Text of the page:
The term “prepping” has a variety of connotations. Often, when people hear that term they think of extreme actions on the part of the tin-foil hat conspiracy crowd….something they won’t ever need to worry about. But the fact is, everyone should be prepared for an emergency - at least those who want to survive one.
All of your friends, family, and neighbors will be better off if they know what to do should the worst occur. No matter your politics, demographics, or where you live, there is no shame in being prepared. In fact, most “preppers“ are intelligent, rational, and successful. They just know they want to protect themselves, their family, and everything they’ve worked so hard for.
The fact is that life is pretty easy, relatively-speaking. We are at a time in history when technology, medical advances, and modern conveniences have made things very comfortable for most of society. Too often, we take for granted that things will always be this way. However, it’s not a good idea to assume that this trajectory will continue indefinitely. We live in a volatile world that can be unpredictable, and many experts believe that there are plenty of things that could go wrong in the near future. Spend enough time watching the news and you’ll notice the trends. For example, our planet is changing and natural disasters have become more frequent. Being complacent and assuming things will always be the way that they are now is a recipe for trouble.
That’s one reason people take comfort in prepping. Many parents feel that it’s an important part of their mission. A lot of others have a desire to be more self-reliant and don’t want to depend on the government or other institutions should the worst happen. Still others feel a strong urge to be in the position to help their community should an emergency strike. Furthermore, many aspects of prepping are fun and rewarding. People often enjoy the time spent outdoors, learning new skills that can help in all areas of life, and knowing they are less likely to be a victim in the future.
First Things First: Stop the Stigma Around Prepping
It’s important to discuss this topic if we are going to take a deep dive into emergency preparedness. Unfortunately, many people have an outdated and misinformed notion of who “preppers” are. Too often being prepared is associated with some form of fringe politics or paranoia. Some stereotypes are rooted in certain aspects of the truth, because when prepping first became a topic of discussion, it was mainly positioned by deeply political individuals in rural parts of the country. These people tended to be particularly distrustful of government and many of their prepping strategies were rooted in those beliefs. Media did a great job of portraying any preppers as part of this group.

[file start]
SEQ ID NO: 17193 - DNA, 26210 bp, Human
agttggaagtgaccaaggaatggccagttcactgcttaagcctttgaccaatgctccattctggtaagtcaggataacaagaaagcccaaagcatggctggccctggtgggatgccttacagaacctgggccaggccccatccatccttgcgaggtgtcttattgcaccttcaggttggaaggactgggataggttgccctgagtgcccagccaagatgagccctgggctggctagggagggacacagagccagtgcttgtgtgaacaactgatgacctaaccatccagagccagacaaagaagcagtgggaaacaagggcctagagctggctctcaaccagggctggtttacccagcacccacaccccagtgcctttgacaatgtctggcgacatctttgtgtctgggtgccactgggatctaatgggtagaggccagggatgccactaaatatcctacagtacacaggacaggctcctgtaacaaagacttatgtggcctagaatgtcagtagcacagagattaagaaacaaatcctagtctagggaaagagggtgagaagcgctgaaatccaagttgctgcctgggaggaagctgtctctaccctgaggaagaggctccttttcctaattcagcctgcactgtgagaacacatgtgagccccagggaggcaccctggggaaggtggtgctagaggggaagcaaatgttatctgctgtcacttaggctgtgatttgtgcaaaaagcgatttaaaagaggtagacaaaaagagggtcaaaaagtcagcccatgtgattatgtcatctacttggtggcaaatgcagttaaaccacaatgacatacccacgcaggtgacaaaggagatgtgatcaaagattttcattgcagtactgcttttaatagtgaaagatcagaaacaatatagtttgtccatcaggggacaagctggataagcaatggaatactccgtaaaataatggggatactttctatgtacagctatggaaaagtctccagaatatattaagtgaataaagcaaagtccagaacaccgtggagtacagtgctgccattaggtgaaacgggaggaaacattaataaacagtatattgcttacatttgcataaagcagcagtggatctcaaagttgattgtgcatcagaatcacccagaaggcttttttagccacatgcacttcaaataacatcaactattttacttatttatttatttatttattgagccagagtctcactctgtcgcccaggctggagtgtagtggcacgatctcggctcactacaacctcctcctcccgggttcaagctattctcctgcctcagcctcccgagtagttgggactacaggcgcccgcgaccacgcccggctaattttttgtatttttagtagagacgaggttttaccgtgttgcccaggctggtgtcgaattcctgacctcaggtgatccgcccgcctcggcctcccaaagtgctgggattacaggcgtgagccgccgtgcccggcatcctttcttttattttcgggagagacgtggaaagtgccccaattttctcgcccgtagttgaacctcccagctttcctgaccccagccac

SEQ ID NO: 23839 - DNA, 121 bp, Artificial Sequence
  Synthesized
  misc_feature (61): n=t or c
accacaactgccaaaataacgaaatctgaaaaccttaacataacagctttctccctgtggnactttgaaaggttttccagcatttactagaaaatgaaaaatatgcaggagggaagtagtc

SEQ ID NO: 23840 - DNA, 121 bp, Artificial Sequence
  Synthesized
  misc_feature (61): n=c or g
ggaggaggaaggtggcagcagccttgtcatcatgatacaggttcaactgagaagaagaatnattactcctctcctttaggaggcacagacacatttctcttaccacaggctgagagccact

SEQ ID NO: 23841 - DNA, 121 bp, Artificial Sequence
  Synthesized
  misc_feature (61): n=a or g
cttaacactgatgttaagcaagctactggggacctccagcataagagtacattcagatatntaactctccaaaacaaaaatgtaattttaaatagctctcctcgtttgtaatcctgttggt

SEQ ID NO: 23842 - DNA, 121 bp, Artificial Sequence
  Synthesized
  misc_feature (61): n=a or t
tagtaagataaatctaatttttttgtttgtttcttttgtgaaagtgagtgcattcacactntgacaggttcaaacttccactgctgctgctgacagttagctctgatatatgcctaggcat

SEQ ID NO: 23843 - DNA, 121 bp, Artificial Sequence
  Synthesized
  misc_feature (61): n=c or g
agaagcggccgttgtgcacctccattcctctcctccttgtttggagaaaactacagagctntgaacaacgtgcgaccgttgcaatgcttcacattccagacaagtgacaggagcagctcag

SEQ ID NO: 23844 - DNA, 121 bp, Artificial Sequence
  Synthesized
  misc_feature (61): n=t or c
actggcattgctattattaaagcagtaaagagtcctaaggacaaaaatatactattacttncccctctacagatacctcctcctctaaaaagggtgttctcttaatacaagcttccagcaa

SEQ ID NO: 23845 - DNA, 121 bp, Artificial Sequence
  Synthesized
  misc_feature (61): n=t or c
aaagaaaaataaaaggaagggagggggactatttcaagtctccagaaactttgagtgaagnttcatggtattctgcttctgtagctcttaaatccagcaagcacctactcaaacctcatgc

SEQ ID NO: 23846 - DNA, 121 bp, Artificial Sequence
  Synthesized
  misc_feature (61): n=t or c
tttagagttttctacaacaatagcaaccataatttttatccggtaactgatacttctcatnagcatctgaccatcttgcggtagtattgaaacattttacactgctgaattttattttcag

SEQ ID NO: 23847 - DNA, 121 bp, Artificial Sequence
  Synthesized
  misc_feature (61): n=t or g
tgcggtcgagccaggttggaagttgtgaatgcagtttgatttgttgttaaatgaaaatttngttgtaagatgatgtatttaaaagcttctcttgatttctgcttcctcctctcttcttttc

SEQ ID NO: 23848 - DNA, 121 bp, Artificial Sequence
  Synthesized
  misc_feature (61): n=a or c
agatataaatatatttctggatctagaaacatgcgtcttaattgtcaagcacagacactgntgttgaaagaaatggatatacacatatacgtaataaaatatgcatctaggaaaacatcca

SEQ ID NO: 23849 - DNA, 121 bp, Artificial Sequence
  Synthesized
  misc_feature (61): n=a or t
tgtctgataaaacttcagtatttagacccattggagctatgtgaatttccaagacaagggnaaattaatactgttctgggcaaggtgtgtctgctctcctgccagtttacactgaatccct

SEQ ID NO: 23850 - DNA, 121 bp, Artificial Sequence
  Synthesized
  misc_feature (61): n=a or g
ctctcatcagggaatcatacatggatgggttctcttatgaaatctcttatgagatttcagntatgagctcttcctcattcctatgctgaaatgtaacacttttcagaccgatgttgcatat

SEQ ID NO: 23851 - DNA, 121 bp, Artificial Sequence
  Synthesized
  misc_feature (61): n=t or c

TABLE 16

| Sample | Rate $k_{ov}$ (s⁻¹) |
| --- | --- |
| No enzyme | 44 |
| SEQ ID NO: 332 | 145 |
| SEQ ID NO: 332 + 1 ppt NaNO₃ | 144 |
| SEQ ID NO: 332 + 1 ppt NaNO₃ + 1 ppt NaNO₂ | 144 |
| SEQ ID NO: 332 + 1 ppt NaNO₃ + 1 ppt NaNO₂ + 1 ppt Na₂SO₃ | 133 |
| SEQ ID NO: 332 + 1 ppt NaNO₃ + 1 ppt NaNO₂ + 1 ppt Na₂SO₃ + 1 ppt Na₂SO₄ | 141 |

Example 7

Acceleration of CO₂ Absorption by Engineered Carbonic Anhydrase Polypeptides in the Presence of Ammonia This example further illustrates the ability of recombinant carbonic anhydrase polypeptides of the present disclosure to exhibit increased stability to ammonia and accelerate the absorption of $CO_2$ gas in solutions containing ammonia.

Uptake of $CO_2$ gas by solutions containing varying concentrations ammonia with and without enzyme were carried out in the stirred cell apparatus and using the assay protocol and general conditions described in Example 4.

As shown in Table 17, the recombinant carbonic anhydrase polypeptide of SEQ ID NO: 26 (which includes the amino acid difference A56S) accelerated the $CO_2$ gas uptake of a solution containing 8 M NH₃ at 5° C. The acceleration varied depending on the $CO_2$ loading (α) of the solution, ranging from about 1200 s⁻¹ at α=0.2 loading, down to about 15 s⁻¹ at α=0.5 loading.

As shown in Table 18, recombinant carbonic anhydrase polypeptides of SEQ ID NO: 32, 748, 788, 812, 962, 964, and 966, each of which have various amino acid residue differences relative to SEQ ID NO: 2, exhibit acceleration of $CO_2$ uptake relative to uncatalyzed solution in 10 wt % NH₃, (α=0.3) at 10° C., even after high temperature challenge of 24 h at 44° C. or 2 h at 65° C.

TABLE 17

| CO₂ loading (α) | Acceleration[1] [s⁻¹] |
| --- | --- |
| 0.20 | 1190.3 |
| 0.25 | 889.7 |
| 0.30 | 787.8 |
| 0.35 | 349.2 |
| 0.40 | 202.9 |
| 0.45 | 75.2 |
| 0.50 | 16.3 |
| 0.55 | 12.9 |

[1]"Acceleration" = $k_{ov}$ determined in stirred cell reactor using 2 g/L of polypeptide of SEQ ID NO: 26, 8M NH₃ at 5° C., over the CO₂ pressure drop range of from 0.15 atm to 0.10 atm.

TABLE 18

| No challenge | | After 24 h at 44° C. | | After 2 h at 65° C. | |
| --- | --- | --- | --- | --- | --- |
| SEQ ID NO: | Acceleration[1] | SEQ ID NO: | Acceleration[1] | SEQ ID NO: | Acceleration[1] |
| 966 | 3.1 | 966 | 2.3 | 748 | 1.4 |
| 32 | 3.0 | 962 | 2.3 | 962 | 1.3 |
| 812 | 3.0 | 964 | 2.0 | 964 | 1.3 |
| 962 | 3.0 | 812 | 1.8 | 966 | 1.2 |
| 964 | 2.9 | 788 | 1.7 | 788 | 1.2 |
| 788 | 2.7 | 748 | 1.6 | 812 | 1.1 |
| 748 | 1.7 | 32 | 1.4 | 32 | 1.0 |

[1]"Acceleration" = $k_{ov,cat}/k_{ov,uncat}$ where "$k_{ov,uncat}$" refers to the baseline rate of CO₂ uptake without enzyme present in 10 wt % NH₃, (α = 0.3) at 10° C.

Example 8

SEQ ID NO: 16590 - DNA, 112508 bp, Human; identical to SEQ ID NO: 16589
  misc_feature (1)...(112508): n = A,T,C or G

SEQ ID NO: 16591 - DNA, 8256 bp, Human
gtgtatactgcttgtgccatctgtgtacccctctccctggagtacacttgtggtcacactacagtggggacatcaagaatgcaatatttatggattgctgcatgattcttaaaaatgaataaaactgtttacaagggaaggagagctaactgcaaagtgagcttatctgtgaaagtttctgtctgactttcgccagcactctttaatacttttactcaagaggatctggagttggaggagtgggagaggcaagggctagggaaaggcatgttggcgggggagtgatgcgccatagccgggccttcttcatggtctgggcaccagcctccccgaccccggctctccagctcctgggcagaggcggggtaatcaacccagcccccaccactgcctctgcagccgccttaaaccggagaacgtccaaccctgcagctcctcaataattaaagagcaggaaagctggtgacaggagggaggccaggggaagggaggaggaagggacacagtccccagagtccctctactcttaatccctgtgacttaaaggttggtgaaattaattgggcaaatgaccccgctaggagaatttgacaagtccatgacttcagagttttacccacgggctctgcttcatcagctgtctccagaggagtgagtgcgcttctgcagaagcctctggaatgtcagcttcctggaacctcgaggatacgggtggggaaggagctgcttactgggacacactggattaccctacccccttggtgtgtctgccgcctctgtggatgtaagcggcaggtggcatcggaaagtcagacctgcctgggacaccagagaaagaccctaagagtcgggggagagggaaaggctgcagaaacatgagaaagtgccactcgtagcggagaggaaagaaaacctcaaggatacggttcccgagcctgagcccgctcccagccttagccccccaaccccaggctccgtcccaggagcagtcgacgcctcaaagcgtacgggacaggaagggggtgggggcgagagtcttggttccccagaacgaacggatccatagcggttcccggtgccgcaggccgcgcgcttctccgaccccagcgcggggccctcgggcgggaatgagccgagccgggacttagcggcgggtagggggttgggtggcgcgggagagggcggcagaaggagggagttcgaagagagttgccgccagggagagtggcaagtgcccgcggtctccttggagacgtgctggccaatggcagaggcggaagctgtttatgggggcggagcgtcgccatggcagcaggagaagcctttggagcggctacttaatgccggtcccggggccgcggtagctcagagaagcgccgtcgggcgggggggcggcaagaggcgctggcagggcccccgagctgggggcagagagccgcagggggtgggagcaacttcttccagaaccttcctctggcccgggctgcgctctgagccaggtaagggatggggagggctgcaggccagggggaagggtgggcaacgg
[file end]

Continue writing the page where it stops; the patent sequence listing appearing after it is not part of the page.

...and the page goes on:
However, in our modern age, those stereotypes no longer represent preppers as a whole. Prepping is much more mainstream than in previous years. The fact is that emergencies happen, and people are becoming more aware of that unfortunate fact. The COVID-19 pandemic also helped some people to see the value in emergency preparedness. After all, witnessing reduced access to medical care, empty store shelves, and soaring gas prices proved to many that we simply don’t have control over a lot of the things we take for granted. Simply put, we should all prepare for the worst because we can’t control what will happen. Furthermore, even when we can predict outcomes, humans are notoriously bad at preparing for them. In a more morbid example, we all know we will die someday, but how many people have their will up to date? Most people will need to stop working someday, yet most Americans are not prepared for retirement. Sometimes we don’t want to admit to ourselves that bad things can - and will - happen. Ignorance can be bliss - until the worst happens.
Recent History is a Small Snapshot
Humans have existed for over 250,000 years. However, life has only been truly comfortable for the last 150 years or so. Many experts say that the majority of humans being able to meet all of their core needs is a phenomenon that’s less than 100 years old. That means in the grand scheme of things, the past several decades have been pretty unusual.